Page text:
It's a long drive from Manhattan to Blooming Hill Organic Farm, but it is where Kolodny makes some amazing finds.
"My actual title is forager, but not in the traditional sense," Kolodny said.
She may not sniff around for mushrooms, but she does seek out farmers and procures their goods.
She buys wild dandelion greens and ramps right off the farm.
By foraging, Kolodny can cut out the middleman and create face to face relationships. This often guarantees better, and maybe more interesting, products for the restaurant where she works.
"My goal is to get as much directly from farmers into the menu," Kolodny said.
When the drive is too far, Kolodny will meet farmers mid way.
John Ubaldo delivers Berkshire bacon, eggs, and ducks from the Vermont border. The ducks were processed yesterday, so you can't get them any fresher.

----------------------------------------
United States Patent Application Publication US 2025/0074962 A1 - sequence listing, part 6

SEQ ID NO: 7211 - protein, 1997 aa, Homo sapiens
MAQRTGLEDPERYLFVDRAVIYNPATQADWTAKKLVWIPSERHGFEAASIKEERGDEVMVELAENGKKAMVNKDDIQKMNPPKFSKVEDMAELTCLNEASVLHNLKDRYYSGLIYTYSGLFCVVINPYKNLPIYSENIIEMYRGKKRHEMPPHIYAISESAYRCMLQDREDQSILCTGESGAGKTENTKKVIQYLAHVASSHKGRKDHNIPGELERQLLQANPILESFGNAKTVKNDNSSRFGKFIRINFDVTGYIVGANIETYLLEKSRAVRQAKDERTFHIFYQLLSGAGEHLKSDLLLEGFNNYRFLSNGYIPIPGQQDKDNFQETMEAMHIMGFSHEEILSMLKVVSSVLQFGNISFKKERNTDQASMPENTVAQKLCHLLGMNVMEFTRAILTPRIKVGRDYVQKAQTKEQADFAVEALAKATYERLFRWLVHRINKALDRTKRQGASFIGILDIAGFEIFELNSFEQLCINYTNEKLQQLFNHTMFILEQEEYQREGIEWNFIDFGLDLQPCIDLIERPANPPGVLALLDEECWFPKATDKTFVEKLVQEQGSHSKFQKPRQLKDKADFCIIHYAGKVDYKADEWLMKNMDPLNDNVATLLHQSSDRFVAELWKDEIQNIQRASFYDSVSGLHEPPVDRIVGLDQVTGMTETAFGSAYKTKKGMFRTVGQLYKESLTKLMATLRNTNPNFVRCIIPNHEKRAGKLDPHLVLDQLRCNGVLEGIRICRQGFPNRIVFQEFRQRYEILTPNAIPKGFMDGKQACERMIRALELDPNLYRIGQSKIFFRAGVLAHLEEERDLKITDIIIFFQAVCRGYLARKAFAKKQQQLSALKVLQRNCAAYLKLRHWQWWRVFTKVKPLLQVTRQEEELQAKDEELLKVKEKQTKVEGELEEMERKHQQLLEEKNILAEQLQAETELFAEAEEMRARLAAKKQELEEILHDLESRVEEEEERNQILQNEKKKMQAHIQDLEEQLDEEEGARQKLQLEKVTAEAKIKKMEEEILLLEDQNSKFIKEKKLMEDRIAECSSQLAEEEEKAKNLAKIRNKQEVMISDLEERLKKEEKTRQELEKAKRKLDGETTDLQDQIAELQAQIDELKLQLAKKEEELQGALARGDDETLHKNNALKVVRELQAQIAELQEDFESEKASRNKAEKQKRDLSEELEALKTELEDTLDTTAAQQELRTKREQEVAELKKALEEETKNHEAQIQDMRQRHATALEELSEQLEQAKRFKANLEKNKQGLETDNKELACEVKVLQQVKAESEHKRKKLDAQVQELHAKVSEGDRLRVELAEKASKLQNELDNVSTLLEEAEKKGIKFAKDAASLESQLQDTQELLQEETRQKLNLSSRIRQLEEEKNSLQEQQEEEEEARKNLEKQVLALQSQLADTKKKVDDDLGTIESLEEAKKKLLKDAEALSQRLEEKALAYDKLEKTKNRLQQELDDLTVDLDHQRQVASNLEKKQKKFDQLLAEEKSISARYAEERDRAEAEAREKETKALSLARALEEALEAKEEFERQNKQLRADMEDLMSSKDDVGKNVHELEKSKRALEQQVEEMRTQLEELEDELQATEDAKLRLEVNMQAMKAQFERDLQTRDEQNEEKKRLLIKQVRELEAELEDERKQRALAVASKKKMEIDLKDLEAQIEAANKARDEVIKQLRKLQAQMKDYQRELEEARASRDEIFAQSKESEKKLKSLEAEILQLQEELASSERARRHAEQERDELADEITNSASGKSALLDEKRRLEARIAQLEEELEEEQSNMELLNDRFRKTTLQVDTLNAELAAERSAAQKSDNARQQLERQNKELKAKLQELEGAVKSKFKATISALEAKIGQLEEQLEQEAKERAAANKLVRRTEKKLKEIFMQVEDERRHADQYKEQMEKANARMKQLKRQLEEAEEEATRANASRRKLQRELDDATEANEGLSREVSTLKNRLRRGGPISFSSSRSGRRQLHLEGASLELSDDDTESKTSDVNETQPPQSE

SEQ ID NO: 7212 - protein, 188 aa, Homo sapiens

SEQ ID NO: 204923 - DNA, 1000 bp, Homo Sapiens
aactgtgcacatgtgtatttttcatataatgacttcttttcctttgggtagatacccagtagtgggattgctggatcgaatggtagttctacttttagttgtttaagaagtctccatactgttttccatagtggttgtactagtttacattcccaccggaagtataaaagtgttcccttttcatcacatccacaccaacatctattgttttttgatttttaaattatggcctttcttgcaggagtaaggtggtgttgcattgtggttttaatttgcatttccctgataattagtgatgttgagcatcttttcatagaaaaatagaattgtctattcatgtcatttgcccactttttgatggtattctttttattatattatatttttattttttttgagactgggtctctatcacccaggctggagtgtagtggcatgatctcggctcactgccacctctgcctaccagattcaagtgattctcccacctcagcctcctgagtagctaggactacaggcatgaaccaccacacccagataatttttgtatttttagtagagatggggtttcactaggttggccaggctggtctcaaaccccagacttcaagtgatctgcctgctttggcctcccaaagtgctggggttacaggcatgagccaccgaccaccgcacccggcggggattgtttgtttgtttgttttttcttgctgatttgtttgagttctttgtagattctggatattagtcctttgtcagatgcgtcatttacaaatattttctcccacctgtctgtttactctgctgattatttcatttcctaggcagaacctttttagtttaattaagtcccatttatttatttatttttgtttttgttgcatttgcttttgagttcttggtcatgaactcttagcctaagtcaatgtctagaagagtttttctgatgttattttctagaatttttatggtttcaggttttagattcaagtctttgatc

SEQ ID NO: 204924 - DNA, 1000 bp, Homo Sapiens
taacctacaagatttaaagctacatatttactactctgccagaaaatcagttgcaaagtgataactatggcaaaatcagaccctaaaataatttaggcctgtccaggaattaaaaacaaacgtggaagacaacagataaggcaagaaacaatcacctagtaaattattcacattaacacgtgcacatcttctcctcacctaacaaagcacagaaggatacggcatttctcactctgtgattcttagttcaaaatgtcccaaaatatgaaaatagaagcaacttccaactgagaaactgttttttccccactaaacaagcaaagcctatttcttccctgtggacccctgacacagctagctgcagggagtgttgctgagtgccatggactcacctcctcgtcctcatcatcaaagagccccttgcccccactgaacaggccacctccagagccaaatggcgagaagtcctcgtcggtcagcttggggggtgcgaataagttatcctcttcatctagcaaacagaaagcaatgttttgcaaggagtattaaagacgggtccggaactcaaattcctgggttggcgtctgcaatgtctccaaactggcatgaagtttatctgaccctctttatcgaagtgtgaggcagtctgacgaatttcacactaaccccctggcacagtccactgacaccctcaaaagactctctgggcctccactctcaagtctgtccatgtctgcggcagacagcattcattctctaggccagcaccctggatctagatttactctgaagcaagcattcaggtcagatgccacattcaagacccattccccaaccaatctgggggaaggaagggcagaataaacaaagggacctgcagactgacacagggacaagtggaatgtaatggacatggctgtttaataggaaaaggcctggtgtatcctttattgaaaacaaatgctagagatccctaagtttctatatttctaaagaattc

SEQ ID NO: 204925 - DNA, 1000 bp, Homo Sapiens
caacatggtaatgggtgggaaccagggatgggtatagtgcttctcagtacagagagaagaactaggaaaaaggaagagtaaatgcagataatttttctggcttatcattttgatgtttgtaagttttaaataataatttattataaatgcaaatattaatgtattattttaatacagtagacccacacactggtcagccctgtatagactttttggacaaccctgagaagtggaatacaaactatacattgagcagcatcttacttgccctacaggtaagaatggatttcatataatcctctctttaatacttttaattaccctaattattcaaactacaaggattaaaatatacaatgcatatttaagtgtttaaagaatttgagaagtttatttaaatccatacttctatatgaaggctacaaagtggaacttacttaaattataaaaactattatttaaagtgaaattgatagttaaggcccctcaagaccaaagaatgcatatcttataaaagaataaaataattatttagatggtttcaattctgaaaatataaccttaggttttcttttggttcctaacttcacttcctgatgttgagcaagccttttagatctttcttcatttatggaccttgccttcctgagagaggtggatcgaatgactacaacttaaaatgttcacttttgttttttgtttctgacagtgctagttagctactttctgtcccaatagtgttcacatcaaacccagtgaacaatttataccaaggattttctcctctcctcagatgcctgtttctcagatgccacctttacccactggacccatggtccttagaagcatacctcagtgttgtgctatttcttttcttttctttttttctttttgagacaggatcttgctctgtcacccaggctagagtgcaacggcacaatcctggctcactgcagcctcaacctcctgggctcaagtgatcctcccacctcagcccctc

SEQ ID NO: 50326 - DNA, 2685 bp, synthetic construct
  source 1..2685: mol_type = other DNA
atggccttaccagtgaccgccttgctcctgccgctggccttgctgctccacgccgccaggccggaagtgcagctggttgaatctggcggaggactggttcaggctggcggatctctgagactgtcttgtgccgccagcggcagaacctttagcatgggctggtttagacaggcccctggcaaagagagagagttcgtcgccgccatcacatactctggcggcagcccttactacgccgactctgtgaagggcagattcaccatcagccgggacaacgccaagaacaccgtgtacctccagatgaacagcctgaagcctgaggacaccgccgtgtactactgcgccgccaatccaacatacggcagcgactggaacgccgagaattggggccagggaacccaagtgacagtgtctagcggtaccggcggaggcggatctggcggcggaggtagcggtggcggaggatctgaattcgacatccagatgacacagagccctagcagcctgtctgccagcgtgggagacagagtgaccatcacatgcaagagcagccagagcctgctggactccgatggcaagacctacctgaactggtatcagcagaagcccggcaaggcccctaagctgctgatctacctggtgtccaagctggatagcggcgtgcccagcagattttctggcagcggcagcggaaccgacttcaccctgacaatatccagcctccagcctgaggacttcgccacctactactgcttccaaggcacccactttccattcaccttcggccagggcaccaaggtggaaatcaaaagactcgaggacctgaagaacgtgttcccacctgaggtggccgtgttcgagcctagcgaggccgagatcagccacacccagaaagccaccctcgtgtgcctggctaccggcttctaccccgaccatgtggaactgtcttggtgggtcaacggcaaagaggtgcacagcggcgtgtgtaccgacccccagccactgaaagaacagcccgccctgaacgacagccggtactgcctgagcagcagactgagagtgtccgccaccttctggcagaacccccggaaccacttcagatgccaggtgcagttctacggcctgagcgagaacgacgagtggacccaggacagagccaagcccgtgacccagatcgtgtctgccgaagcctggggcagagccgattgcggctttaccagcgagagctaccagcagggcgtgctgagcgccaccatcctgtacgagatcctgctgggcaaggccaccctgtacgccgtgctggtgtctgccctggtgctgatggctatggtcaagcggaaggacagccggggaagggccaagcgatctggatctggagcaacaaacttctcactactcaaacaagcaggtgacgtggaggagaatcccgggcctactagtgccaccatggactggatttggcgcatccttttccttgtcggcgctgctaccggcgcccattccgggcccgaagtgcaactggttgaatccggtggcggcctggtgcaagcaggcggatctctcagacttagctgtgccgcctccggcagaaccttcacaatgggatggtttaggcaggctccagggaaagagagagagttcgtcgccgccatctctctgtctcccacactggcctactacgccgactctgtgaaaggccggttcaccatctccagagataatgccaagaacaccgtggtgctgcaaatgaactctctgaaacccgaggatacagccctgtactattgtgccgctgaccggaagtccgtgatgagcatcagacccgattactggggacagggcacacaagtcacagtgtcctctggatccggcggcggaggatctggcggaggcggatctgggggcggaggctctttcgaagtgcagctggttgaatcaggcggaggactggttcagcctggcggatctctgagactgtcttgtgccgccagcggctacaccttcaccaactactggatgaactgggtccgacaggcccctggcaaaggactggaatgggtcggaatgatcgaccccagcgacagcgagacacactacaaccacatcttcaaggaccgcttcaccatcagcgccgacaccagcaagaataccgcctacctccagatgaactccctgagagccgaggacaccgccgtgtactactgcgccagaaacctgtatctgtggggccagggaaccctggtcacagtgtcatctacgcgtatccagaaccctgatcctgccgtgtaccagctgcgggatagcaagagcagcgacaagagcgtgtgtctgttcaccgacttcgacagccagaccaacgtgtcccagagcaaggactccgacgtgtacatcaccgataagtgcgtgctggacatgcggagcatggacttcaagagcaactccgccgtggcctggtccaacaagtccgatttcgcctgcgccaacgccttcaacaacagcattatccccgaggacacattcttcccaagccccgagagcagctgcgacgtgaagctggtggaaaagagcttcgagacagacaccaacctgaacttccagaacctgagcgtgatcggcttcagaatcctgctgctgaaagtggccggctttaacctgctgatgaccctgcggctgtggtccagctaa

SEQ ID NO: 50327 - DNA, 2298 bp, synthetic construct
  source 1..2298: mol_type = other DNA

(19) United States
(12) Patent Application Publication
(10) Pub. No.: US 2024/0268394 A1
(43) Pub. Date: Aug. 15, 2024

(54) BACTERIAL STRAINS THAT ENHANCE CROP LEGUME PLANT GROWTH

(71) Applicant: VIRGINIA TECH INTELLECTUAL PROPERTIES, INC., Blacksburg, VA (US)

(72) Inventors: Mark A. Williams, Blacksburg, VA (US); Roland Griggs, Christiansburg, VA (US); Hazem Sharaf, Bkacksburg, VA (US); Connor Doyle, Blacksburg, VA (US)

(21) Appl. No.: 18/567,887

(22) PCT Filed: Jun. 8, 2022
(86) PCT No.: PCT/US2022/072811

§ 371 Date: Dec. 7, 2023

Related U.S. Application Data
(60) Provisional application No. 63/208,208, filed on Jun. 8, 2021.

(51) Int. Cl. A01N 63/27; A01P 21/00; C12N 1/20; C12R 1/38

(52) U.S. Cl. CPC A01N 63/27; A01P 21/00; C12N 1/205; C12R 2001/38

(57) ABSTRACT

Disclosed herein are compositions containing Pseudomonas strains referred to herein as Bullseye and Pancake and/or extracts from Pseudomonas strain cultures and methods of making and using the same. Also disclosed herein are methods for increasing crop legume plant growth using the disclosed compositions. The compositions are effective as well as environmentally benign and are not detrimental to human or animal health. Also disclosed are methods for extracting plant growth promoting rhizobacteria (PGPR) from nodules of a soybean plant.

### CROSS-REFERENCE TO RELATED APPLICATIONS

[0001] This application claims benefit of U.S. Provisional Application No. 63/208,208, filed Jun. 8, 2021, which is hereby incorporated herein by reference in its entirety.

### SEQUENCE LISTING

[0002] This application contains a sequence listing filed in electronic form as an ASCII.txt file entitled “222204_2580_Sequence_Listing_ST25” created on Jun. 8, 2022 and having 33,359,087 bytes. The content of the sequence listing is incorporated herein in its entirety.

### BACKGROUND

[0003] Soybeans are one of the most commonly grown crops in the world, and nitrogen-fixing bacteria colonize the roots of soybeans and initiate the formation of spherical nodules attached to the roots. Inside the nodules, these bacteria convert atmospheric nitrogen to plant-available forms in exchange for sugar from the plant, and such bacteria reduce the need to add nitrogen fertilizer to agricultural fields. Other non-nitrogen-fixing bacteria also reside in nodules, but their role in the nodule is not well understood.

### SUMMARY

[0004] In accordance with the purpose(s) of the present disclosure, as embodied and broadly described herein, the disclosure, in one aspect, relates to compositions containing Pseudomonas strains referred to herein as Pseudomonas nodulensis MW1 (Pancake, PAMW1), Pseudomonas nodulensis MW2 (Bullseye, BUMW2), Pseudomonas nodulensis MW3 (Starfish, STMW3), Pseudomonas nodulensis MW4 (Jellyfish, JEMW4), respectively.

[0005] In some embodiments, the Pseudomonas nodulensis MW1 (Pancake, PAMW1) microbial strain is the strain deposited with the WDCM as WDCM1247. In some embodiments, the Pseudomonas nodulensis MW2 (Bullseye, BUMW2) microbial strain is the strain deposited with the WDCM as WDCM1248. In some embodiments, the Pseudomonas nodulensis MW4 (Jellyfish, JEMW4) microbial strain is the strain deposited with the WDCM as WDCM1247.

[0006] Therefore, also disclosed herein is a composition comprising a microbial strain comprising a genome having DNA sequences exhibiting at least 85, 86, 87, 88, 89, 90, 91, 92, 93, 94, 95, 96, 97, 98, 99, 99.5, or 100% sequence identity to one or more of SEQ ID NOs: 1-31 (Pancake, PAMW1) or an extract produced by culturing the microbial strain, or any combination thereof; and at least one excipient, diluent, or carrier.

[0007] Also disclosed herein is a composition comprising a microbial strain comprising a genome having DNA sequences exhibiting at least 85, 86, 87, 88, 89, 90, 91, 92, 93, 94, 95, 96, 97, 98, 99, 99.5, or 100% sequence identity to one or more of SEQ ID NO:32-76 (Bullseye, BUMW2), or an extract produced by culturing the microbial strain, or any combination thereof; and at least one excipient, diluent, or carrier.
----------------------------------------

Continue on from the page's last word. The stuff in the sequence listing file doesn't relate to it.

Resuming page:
Also, the price is less expensive than if they were bought from a store.
"I save a few dollars per pound going there, and when you're buying 100-200 pounds it makes sense," said Kolodny.
Having Kolodny is a luxury for the chefs. They now spend less time on the phone ordering food and more time cooking and creating.
The foods Kolodny buys can be used in a variety of ways. For example, Heather Carlucci-Rodriguez pickles ramps, while her husband, who's also a chef, grills them for a duck dish.
Food comes from the farm to table via a forager.
ON THE NET:
PRINT Restaurant www.printrestaurant.com
Blooming Hill Organic Farm www.bloominghillfarm.net